Wagner Control Pro 190 HEA Paint Sprayer
Editor Rating: 4.0/5
Wagner Control Pro 190 HEA Paint Sprayer Review
Reviewed by: Timothy Henderson
Wagner Control Pro 190 Review Summary:
Engaging the services of a professional painter to redecorate your home is tough on your bank balance. Why not invest in a paint sprayer that offers a high-quality finish and do the job yourself?
The Control Pro 190 features Wagner’s innovative high-efficiency airless technology (HEA) for a fuller spray than standard airless technology all while using less power. HEA technology makes this unit more efficient and means less overspray, saving you money on paint and time prepping or cleaning up.
Everything you need to start your painting project (apart from the paint) comes in the box. You get the spraying unit with integrated storage, a 50-foot hose, an all-metal spray gun, a spray paint tip, and a carry handle.
The Wagner brand is renowned for its range of painting solutions that are designed for both professionals and amateurs. Its Control Pro series is considered one of the paint-spraying industry leaders.
Features and Benefits of the Wagner Control Pro 190
HEA (High-Efficiency Airless) Technology
Developed by Wagner, HEA combines the best of high-pressure low-volume (HVLP) spray guns with the power of airless units. While an HEA paint sprayer has a smaller capacity than an airless gun, it can still deliver cover at around about the same speed.
The innovative technology also enables the Pro 190 to handle paints with different viscosities. Whether you spray latex, stains, water or chalk paints, lacquers, or varnish, you’ll get a solid result.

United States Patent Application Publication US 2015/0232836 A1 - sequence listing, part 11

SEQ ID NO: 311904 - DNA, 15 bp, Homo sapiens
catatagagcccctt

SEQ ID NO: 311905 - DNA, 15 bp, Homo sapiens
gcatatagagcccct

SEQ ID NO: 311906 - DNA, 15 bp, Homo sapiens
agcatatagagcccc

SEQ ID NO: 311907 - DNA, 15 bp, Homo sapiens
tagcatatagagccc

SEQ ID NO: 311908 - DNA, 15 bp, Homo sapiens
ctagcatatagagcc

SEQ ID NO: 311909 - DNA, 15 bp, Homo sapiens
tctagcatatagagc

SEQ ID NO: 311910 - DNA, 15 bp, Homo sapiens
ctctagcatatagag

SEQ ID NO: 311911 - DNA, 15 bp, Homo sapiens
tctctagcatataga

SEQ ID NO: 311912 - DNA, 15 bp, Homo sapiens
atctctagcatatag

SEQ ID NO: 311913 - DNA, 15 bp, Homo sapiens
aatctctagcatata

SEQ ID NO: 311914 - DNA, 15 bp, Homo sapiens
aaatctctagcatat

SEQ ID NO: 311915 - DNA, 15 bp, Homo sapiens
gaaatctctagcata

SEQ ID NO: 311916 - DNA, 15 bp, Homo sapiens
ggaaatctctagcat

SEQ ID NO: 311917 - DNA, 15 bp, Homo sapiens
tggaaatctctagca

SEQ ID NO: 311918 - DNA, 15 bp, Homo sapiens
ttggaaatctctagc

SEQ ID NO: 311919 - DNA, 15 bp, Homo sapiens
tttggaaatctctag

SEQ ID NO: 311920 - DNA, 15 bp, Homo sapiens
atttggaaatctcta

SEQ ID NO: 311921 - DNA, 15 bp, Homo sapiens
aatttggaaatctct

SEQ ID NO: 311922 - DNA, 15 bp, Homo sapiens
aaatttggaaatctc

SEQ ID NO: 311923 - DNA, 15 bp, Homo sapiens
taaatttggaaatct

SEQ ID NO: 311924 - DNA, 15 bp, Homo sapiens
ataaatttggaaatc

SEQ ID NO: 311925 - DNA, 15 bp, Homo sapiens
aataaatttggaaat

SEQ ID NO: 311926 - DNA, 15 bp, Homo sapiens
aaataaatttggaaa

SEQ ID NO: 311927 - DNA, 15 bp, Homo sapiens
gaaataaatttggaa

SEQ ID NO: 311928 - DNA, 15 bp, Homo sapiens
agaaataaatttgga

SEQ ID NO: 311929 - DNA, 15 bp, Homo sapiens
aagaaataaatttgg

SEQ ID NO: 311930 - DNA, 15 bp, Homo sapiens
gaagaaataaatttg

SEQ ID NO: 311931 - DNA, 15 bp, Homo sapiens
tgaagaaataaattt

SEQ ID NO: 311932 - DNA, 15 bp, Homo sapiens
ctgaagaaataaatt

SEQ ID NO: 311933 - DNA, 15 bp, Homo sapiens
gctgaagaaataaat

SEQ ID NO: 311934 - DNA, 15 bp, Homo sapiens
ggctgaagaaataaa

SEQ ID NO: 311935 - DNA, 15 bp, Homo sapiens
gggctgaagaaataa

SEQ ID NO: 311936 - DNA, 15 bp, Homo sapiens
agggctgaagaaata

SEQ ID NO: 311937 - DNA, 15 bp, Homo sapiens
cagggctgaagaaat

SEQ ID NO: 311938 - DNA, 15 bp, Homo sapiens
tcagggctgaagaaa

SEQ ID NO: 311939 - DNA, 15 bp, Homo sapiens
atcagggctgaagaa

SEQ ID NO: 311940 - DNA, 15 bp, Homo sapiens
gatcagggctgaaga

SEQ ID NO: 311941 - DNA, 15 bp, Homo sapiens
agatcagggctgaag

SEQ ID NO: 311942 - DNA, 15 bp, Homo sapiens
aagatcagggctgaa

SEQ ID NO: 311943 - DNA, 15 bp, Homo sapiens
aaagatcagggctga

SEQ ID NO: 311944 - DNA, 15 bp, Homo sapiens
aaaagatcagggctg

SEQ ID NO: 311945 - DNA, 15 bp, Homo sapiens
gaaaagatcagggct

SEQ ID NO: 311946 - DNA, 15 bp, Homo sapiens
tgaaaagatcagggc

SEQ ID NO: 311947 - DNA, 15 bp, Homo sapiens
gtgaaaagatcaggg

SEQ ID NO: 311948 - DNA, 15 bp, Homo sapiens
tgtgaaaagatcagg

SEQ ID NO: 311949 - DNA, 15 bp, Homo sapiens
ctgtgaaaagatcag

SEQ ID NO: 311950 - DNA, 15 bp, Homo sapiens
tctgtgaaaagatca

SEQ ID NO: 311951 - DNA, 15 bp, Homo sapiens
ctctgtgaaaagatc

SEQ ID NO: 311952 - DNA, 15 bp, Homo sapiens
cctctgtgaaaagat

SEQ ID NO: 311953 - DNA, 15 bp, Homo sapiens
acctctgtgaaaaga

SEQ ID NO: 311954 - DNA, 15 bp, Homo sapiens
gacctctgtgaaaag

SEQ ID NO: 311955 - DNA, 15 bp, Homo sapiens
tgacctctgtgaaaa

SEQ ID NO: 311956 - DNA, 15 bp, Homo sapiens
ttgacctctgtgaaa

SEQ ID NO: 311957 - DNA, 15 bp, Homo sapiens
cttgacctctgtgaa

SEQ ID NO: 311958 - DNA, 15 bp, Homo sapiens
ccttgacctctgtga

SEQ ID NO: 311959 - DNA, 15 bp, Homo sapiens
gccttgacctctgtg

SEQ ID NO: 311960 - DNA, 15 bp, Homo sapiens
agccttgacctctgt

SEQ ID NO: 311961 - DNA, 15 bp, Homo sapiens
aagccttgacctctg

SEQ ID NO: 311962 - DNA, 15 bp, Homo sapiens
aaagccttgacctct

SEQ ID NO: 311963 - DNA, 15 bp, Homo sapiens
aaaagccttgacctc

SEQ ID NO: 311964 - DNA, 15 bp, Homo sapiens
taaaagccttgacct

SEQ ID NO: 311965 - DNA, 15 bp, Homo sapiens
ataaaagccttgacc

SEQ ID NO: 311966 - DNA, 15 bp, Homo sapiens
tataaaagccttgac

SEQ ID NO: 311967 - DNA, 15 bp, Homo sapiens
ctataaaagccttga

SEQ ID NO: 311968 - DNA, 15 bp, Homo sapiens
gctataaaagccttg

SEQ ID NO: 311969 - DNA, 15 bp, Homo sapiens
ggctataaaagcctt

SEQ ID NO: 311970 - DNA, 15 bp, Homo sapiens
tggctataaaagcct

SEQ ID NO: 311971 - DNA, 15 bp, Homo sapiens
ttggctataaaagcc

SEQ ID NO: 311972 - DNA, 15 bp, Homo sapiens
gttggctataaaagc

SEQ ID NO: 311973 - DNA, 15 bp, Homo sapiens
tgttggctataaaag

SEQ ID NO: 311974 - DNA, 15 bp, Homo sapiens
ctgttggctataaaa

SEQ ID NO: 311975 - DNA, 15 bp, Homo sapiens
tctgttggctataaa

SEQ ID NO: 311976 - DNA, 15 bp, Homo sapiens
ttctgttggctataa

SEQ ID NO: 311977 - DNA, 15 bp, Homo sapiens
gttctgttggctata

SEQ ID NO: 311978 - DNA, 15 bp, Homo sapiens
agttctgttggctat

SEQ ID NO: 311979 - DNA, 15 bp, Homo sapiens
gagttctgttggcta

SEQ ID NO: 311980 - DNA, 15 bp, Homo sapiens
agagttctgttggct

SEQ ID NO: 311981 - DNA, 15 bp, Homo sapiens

Overall, an HEA sprayer offers less overspray, is quieter in operation, and is more forgiving in the finish it produces. Plus, because the Control Pro 190 is so user-friendly, it’s a great option for spray painting newbies and professionals alike, whether they’ve used an HEA gun before or not.
Reduces Preparation Time and Clean-Up
As I mentioned earlier, this HEA sprayer produces less overspray. In fact, Wagner reckons its gun has 55 percent less overspray than other paint sprayers available on the market. It’s a lofty claim and while I can’t prove it’s true, I would say that the Control 190 certainly offers a tight finish.
The benefits here are obvious: even coverage and fewer runs in your finished paintwork. You’ll also spend less time prepping the painting area and cleaning it up after you’ve finished.
Powerful and Durable
A powerful 0.70 horsepower pump produces a maximum operating pressure of 1600 psi. The gun is capable of delivering up to 500 gallons of paint per year. The Control Pro 190 is fast as well, allowing you to paint at 0.40 gallons per minute.
According to Wagner, the pump in this sprayer will last three times longer than other brands. An all-metal gun construction means extra durability, so you should get years of use from this paint sprayer.